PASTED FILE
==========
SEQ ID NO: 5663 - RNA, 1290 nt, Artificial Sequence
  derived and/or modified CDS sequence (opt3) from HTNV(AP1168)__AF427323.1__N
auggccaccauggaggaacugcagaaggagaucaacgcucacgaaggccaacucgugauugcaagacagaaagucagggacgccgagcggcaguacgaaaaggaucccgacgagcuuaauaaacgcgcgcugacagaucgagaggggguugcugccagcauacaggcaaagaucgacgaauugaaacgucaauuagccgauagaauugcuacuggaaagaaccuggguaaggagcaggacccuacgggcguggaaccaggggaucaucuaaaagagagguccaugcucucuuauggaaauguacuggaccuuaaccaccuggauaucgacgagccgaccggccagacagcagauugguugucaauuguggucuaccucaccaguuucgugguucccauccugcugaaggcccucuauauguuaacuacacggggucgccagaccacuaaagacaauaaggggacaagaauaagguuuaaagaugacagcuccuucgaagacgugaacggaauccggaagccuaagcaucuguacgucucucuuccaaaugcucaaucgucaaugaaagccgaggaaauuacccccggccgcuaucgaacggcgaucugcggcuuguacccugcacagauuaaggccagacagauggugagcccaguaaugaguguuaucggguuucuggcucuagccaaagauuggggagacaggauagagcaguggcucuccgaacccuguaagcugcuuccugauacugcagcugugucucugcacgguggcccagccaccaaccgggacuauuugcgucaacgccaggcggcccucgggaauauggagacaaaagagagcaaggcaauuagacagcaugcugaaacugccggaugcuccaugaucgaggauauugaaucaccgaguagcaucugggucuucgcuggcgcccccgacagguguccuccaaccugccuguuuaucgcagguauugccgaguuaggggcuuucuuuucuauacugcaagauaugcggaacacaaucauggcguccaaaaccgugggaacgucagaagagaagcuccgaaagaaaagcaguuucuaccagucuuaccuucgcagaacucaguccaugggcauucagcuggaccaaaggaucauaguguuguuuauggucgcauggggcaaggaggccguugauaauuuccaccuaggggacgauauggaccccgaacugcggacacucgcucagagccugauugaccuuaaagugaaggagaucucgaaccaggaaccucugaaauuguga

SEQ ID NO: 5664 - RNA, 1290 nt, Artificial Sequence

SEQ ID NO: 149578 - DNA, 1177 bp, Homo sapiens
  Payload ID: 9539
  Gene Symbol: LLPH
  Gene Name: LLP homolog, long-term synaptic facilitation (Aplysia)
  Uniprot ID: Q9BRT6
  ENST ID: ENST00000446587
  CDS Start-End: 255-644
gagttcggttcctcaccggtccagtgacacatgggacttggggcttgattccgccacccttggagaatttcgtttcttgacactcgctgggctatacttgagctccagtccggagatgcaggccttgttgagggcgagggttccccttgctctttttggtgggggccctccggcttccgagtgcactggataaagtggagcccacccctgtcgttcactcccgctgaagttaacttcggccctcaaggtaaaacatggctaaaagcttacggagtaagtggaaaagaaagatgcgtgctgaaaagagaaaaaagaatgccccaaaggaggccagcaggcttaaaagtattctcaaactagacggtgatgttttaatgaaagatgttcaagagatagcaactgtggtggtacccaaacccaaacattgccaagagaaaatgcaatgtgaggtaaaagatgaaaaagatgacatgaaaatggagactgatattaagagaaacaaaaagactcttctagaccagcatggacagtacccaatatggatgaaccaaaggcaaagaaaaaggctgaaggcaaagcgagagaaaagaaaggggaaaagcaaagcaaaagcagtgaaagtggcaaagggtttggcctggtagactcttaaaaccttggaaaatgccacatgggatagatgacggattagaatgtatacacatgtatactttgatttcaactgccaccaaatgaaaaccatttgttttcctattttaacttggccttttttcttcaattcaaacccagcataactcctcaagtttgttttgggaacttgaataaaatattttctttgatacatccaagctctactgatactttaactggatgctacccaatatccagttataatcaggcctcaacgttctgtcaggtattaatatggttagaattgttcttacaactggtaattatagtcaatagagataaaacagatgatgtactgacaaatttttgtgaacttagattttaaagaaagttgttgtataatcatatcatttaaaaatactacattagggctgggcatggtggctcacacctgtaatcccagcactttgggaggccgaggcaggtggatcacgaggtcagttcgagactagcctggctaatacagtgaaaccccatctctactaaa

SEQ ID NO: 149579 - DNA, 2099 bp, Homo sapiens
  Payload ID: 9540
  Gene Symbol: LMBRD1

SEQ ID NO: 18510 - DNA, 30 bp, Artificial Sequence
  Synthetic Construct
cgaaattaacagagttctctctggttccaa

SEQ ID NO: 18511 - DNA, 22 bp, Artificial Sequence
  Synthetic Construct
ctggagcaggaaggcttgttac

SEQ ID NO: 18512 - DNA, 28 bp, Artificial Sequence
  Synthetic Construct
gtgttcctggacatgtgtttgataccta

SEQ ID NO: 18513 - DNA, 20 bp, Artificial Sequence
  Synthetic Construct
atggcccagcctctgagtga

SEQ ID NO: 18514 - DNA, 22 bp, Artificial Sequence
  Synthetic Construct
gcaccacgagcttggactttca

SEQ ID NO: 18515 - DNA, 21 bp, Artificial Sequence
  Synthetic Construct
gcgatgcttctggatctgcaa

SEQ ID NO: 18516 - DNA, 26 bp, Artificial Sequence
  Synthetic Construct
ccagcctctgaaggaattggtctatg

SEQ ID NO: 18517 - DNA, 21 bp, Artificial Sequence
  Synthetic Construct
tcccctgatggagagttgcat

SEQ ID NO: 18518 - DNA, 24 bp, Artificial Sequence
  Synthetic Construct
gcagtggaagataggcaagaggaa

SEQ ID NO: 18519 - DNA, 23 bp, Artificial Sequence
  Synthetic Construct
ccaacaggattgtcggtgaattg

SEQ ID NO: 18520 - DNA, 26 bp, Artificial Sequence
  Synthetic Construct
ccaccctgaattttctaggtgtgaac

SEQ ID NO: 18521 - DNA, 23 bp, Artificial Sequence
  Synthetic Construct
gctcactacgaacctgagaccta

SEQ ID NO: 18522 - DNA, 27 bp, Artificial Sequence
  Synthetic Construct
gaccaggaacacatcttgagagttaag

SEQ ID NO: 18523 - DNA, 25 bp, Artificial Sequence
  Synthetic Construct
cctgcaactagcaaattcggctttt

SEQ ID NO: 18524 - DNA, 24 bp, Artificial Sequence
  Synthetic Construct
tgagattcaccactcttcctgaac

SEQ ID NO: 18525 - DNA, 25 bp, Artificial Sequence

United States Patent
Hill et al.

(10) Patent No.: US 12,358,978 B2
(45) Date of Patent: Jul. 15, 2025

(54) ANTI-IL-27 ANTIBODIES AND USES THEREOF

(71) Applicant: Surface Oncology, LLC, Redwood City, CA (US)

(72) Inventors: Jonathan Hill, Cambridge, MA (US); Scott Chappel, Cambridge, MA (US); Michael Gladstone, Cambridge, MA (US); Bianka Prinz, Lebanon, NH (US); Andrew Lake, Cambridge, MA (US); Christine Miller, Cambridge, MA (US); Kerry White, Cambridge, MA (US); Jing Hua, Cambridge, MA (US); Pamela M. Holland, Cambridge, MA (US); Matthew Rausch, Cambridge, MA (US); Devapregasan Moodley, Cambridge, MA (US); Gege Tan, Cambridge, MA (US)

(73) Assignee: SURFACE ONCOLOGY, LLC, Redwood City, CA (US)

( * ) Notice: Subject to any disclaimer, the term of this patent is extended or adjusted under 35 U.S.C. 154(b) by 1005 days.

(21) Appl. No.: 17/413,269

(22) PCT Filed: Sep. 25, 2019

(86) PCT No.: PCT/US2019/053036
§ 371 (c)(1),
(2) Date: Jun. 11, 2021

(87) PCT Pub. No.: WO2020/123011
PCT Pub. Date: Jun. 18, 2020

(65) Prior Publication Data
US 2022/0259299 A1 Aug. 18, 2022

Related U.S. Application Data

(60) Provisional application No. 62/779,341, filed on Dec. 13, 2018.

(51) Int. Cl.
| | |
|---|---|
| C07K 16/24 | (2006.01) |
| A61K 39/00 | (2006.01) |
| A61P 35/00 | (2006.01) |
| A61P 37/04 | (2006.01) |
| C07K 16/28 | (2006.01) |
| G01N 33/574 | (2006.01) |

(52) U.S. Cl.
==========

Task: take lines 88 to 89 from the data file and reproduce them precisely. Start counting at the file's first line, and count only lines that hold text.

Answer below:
| A61P 37/04 | (2006.01) |
| C07K 16/28 | (2006.01) |